This simple back-test also suggests that much more danger lurks for the unwary investor on the junior AIM market but this is surely not news to anybody apart from the idiots and fools that populate bulletin boards.
When it looks like a bear market is arriving: rule number one: don’t bury your head in the sand
Make a plan which may include some form of mitigation, selling highly rated stocks and action that plan.
My way of dealing with the bear: well firstly we have a very good 2-minute blog from WheelieDealer discussing bear markets: that’s well worth a read. I will not really add to that other than to offer my experiences following very significant bears I have invested through over the last 20 years.
What I have learnt is that for my mindset the preferred action is to take some degree of risk mitigation as it becomes more and more obvious that the bear is taking a grip on the market. Remember in the early stages of what develops into a bear market, you just don’t know the bear is really there for sure. It usually starts with an overall index decline that may occur in steps downwards with little climbs back upwards but the overall trend as displayed by the likes of the decreasing 200day MA will suggest that the bear is about to go walk about. For the FTSE all share (ASX) the 200day MA started to suggest a downward trend was starting from around mid-September 2015 but like all indicators, it’s very easy looking backwards.
Differing definitions of when a bear market starts and how long it runs for exist but for ease of understanding I tend to measure duration form the nearest obvious sustained high of an index. If we look at the FSTE all share (ASX) you could argue that we have been in decline since July/August 2015. Whatever the starting point, what is obvious is that we are now living with the bear and he is having a good old stomp around. So, a few rambling thoughts on the bears that I have lived with:
Back in 1998 after a three-year climb of 100% in the FTSE100 everything happened so fast there was hardly time to react. The bear must have been on a bonus as he got his job done in 50 trading days taking the index down some 25%: yet in truth, little harm was done as the markets recovered rather quickly. Good companies remained good companies and at the same time many “no-hopers” were born. Within nine months of the start of the 1998 bear market, the FTSE 100 was at a higher value than when Mr Bear first started his stomp.
1998: What did I do? Well nothing really, a lot of my stocks were very Jim Slater inspired and I continued to seek opportunities from those massive Company REFS manuals. Surprisingly I sailed through but did sit down some months afterwards and ask the question would I be so lucky next time.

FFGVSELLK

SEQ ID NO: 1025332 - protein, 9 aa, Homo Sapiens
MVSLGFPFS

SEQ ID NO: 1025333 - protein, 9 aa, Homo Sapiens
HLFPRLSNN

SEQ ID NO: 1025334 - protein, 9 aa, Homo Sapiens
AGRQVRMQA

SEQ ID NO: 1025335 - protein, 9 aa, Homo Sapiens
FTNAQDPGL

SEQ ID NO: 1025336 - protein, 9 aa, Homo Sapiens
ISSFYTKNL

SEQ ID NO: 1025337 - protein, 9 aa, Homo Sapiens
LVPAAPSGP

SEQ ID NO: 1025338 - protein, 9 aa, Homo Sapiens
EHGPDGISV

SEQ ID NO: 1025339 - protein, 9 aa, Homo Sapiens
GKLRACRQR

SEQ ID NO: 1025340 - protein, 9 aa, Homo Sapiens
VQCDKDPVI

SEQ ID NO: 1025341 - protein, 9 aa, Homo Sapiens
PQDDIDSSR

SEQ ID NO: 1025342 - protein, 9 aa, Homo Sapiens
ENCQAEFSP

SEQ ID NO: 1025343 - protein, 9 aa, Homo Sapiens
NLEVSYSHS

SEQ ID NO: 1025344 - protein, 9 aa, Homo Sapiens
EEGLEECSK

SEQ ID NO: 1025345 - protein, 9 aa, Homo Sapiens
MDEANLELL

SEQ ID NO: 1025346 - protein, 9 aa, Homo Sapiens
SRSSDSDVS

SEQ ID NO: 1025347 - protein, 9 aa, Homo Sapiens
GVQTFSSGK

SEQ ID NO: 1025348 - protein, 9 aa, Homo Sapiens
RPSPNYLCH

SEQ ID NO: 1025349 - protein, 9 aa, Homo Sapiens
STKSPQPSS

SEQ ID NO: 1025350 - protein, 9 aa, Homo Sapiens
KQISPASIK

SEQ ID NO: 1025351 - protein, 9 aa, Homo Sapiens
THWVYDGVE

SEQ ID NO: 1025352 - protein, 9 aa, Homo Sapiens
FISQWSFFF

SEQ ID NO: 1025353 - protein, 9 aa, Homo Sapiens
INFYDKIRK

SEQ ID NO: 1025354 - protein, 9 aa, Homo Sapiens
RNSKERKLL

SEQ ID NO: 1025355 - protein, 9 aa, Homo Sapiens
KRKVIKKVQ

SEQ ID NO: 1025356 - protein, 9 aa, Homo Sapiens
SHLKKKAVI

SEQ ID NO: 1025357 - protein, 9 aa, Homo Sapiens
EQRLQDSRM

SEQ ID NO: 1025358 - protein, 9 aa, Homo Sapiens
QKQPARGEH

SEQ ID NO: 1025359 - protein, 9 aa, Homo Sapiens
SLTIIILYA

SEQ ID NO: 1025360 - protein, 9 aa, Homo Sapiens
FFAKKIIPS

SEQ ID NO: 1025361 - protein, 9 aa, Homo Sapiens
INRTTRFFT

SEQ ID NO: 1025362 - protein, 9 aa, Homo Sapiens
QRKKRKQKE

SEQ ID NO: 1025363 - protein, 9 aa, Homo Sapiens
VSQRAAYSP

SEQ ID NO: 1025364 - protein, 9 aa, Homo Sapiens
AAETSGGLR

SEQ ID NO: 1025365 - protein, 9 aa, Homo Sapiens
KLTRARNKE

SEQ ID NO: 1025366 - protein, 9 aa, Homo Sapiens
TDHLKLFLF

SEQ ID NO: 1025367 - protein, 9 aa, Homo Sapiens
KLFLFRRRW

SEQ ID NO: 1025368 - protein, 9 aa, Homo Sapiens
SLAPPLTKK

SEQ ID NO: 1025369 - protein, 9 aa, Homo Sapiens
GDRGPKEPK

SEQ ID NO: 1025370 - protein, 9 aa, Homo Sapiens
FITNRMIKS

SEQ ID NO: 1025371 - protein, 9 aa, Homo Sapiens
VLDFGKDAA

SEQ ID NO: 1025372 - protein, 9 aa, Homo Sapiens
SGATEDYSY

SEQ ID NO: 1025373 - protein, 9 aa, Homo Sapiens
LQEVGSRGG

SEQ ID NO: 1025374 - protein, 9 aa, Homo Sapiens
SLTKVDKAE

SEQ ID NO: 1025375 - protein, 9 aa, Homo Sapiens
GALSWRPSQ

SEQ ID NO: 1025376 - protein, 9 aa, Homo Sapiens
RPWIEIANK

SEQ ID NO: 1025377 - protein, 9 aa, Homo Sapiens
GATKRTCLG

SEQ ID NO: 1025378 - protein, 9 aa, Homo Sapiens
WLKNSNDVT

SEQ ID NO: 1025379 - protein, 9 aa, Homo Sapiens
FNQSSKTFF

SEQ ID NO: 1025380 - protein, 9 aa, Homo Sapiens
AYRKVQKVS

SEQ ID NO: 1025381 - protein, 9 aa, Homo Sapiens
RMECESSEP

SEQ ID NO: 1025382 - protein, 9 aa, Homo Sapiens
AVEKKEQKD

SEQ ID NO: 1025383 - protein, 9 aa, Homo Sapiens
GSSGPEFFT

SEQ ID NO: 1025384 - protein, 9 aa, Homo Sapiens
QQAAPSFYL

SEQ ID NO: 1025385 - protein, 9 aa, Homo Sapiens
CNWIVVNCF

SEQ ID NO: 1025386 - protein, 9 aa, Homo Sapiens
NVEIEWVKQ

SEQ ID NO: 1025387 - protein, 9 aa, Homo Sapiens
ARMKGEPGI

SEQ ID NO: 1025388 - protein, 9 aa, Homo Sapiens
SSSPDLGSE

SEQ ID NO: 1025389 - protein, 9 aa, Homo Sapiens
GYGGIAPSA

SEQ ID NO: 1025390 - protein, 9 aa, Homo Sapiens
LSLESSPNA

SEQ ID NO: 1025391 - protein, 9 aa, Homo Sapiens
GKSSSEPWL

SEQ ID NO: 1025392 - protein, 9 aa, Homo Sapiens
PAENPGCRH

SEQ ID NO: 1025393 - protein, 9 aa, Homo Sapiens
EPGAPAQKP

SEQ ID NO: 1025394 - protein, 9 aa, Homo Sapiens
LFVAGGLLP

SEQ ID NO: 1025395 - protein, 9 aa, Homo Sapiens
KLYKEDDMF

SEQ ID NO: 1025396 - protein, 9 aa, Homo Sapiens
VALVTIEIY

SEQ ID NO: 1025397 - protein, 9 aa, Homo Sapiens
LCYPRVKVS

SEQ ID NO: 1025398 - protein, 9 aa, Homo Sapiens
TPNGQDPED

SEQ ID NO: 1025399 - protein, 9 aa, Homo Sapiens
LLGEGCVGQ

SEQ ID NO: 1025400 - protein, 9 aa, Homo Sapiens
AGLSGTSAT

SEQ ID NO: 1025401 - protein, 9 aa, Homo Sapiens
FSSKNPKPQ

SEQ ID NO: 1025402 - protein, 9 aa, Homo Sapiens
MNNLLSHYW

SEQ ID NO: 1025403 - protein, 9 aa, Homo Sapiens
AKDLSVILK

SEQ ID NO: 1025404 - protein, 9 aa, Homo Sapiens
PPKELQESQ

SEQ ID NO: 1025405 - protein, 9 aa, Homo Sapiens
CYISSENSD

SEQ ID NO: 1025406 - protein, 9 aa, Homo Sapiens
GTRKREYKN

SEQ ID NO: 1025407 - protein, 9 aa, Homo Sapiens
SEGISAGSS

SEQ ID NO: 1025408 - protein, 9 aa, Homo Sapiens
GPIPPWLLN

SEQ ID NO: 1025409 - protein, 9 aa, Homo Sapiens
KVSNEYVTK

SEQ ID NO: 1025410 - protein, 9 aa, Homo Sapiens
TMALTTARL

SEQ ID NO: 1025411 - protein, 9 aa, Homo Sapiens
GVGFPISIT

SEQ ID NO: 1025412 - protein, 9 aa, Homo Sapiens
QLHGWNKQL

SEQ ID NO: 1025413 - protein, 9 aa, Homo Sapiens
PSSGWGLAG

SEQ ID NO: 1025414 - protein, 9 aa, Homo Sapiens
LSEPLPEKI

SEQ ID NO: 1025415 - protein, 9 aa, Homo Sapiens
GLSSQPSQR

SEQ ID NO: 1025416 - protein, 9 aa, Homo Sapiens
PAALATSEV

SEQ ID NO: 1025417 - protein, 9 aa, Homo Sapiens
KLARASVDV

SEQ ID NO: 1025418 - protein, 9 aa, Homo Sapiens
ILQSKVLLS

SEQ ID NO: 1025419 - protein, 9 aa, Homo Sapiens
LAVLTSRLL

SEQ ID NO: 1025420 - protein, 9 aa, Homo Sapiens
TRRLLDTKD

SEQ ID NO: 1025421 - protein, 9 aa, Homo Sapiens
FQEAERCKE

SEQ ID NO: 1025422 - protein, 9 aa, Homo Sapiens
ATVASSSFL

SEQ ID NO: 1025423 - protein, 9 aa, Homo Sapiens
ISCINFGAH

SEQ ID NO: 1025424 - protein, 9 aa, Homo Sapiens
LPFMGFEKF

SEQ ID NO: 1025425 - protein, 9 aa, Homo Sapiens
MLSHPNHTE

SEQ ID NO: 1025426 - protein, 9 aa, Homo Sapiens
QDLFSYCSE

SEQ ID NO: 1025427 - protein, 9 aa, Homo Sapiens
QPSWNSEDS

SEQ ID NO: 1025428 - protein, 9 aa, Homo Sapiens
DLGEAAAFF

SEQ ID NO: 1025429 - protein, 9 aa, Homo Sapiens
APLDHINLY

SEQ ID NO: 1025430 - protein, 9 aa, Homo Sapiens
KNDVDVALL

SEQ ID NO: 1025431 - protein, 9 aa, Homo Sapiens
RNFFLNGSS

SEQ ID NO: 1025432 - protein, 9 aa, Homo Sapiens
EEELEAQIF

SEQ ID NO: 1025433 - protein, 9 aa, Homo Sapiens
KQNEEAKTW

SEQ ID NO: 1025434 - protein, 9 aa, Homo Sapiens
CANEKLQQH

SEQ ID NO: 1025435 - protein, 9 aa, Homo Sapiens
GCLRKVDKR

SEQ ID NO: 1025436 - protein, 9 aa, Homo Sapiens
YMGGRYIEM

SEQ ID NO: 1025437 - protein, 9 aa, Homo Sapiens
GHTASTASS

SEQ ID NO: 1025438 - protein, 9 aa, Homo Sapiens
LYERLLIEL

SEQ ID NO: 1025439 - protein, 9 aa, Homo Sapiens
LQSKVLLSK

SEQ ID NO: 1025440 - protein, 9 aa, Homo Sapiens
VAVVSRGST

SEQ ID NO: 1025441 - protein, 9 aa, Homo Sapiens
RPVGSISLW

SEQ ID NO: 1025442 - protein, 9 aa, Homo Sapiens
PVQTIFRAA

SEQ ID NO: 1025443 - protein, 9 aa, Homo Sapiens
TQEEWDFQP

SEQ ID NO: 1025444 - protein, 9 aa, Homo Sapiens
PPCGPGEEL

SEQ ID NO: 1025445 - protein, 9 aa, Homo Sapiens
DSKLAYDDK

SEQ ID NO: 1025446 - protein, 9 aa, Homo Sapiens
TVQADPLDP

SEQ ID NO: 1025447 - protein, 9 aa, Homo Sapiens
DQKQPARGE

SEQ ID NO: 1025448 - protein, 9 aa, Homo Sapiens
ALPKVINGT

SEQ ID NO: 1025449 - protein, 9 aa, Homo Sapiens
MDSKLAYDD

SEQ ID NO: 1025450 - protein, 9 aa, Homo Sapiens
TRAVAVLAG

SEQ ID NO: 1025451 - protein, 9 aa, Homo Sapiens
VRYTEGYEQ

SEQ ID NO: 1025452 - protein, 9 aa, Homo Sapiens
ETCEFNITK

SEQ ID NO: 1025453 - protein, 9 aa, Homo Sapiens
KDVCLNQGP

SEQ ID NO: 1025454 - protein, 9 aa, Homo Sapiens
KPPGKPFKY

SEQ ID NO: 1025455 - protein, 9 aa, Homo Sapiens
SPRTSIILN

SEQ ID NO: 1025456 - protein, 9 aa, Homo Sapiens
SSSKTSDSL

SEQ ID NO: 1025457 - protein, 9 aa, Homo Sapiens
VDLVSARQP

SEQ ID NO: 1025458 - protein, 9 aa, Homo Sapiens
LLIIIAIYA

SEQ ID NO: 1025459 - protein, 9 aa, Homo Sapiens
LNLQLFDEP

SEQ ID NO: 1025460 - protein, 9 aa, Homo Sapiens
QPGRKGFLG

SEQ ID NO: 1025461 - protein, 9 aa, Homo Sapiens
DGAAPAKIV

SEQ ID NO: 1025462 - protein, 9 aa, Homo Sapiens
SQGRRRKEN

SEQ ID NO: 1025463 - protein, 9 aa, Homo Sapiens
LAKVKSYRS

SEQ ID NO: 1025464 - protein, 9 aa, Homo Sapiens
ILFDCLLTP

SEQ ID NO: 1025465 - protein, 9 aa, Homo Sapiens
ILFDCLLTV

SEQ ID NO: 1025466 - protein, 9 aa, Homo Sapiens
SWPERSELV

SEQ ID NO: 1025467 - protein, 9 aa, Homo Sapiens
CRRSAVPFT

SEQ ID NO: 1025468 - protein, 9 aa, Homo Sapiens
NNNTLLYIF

However, 2001 was a different matter. The markets had become over optimistic and everything carrying a .com becoming grossly overvalued. We then went into a long period of decline lasting two years until we benefited from the Baghdad bounce in 2003.
2001: What did I do? Well, fortunately, I had a plan in place and when it became clear that the 200day MA was in a sustained decline, I sold down lots of stocks and although on reduced profits, stayed in pretty good shape to fight another day. In my view, the important thing I did was to realise after a fairly significant fall that things could get a whole lot worse. I should say that leading up to 2001 I had made some very decent profits yet never really got involved with the .com stuff as I just could not readily see where the profits would come from for those masses of companies.
Just as before after the 1998 bear, we had a very sustained period of a bull market; it was a really good time to be investing. As usual, I never got in at the bottom or out at the top of anything but a compromise is just fine with me.
Things were going along nicely and my portfolio was stuffed full of apparently quality companies that paid very good dividends. PYAD had suddenly become the flavour of the time with banks and life insurance offering excellent dividends. We then started to see things going adrift somewhat with the new phrase “toxic debt” being talked about all over the news. I swear that the news agencies or banks just did not have an utter clue what toxic debt really was!
2007/8: What did I do? Well as previously the 200day MA was suggesting that all was not well. I started to get more cautious and sold down some stocks yet I just could not believe the like of Northern Rock & Lloyds could be in trouble and I actually did some topping up in September 2007 but very rapidly sold within a few days realising my mistake. As the decline set in I moved very heavily into cash, around the 80% mark. I had done a couple of sillies yet thankfully admitted when I was wrong and escaped with a fair percentage of accumulated profits; reduced profits but I felt happy to only have a 20% exposure to the ongoing carnage.
When the bear finally ran out of whatever it is bears feast on, the markets turned up but I had temporarily become a hesitant and possibly over-cautious investor. I was getting back into quality stocks, good returns on capital and good FCF but I still held probably too high a percentage of my folio in cash until I was absolutely sure that pesky bear had gone away.
So after all of this, what are our options in a bear market?
Well, firstly I would say don’t bury you head in the sand and just pretend nothing is happening.
The options as I see them are:
2015/15: What have I done? Well I have applied the lessons learned over the previous bear markets and heavily deployed my preferred strategy of risk mitigation. I started selling down some stocks in December with 200day MA of the fTSE100 looking to be in a continuous down-trend and the worries over, oil, China etc. That sell off gathered pace in the first half of January and I now am now around 70% cash. It may well prove to be the wrong decision but it’s one I feel comfortable with. When the markets do recover and some degree of confidence returns, it may well be we are granted the freedom of the chocolate factory all over again!